Mirrors are useful plant-growing tools because they can redirect light to places it is needed most. Using mirrors to reflect sunlight for plants can be used in an outdoor garden to help brighten shady areas where you'd like to have more plants grow. Mirrors also help plants thrive indoors, even in those small, dark corners and nooks where sunlight never seems to reach.
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Dark Walls and Privacy Screens
If you have a large expanse of dark space in your home or outdoor garden, you may find that it's difficult to grow anything in or next to that area because the light is quite dim. By simply hanging one or two large mirrors on a wall, or even setting them against a dark outdoor space such as a thick privacy hedge, you'll see that light reflects into the surrounding area the mirror or mirrors face. Adding mirrors creates a new look while providing plants much needed light.
Deeply Shadowed Nooks
Mirrors can bring natural light to some of the seemingly darkest nooks and crannies, allowing plants to grow there. A garden gazebo may be swallowed by bushes, vines and trees during the rainy season, for instance, making it difficult to grow flowering plants along its edge or flower boxes. If you hang a mirror at the very back of the gazebo, however, the site will instantly appear bright and open because it reflects the yard's lighter areas. The increased brightness is often all that's needed for border flowering plants to thrive.
Using Mirrors to Reflect Sunlight
Mirrors can either reflect or redirect light. When you place a mirror immediately behind a plant, that plant will benefit from the light that the mirror reflects. When it's not practical to place a mirror right next to a planting area, however, often the mirror can be placed at an angle so that it redirects light to the area. By bouncing light in this manner, it is possible to redirect the brighter light conditions to a darker one.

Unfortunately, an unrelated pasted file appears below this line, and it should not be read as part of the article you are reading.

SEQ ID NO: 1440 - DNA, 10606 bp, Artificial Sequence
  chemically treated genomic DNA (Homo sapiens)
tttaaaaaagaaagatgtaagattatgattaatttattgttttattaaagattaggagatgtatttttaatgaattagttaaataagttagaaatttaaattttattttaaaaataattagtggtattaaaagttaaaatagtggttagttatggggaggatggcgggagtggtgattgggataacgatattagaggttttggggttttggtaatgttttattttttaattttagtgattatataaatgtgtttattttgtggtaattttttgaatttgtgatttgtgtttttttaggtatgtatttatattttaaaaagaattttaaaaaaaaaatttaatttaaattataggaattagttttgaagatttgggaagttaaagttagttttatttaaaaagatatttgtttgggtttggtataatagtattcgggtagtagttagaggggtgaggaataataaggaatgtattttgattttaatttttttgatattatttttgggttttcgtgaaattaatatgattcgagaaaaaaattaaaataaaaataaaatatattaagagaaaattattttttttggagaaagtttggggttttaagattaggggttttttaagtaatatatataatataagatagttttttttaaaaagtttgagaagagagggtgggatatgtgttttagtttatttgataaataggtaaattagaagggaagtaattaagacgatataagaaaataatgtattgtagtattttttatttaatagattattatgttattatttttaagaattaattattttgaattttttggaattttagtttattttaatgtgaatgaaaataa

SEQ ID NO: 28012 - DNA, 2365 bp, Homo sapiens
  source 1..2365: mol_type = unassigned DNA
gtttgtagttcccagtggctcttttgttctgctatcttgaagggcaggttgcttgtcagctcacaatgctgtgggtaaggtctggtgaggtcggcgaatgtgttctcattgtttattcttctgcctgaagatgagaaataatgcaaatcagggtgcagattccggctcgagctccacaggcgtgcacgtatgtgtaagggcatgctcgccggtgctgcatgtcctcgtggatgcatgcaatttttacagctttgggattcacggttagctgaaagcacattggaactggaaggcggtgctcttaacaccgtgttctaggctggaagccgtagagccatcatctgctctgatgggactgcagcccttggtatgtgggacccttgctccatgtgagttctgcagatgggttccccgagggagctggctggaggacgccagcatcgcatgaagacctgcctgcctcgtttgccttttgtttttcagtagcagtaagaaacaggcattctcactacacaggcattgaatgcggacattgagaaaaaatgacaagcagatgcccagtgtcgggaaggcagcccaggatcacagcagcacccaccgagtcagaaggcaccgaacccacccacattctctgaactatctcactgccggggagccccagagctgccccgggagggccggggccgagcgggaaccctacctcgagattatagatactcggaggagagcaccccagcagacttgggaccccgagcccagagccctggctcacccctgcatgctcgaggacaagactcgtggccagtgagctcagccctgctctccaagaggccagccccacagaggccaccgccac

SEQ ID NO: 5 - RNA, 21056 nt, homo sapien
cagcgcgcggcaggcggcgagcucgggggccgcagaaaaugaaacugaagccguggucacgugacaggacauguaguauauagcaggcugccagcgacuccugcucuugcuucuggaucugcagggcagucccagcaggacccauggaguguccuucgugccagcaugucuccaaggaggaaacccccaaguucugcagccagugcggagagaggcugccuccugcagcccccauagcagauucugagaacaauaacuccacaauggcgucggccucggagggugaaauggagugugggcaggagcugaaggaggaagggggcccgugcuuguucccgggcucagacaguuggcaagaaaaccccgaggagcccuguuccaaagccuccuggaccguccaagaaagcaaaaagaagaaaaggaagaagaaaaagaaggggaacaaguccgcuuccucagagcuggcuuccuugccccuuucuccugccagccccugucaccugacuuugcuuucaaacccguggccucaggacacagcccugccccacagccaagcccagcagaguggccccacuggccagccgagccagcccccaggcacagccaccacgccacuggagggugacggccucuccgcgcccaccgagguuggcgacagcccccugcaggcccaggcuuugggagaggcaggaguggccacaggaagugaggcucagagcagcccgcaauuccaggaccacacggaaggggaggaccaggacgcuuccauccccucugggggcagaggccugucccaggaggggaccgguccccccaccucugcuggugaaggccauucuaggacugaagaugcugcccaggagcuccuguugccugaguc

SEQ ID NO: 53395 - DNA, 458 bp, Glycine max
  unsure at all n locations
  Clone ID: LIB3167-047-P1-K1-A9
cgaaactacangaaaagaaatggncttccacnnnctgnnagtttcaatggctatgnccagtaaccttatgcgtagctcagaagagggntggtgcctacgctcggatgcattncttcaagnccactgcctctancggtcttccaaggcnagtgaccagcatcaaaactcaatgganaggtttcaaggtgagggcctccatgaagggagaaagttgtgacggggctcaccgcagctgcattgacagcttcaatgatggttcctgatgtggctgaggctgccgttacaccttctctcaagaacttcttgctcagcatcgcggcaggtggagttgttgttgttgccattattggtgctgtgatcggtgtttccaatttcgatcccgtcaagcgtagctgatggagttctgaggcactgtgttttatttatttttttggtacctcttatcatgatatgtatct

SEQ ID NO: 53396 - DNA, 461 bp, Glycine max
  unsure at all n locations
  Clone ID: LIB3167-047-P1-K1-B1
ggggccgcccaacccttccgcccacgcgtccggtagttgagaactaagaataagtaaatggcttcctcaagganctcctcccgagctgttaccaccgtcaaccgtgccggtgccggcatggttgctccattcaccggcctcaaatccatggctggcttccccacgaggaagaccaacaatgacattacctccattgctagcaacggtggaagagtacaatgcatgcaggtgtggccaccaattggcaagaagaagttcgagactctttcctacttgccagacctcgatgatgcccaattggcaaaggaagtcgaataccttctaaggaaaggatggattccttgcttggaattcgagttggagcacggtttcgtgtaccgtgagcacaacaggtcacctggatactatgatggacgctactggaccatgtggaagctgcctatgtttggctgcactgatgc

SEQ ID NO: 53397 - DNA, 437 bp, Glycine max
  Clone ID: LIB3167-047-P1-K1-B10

Mirrors will not increase the amount of sunlight coming in, but can redirect the amount of light to darker locations. If using several mirrors in the same location, a portion of light is reduced because it bounces off each mirror causing a reduction with each bounce.
Artificial light is also enhanced by adding a mirror to the wall behind the plants, so the rays of the grow or fluorescent fixtures bounce toward the leaves. This can increase the light levels around the plants as well as balance the intensity of light on every side, reducing the number of times you have to turn the plant so it doesn't lean toward the primary light source.
Reflect Light from Pale Walls
Many plants benefit from any increase in light. Mirrors can help you take advantage of that factor when you place them near light-colored objects. White or light-colored pastel walls, for example, increase light in an area automatically because their light color is reflective on its own. By using a mirror to reflect sunlight and placing it strategically, it can direct the brightness of the sun onto a light-colored wall or reflect the light from the wall onto your plants. The plants will receive the benefits of the wall color even if no sunlight shines directly into the area.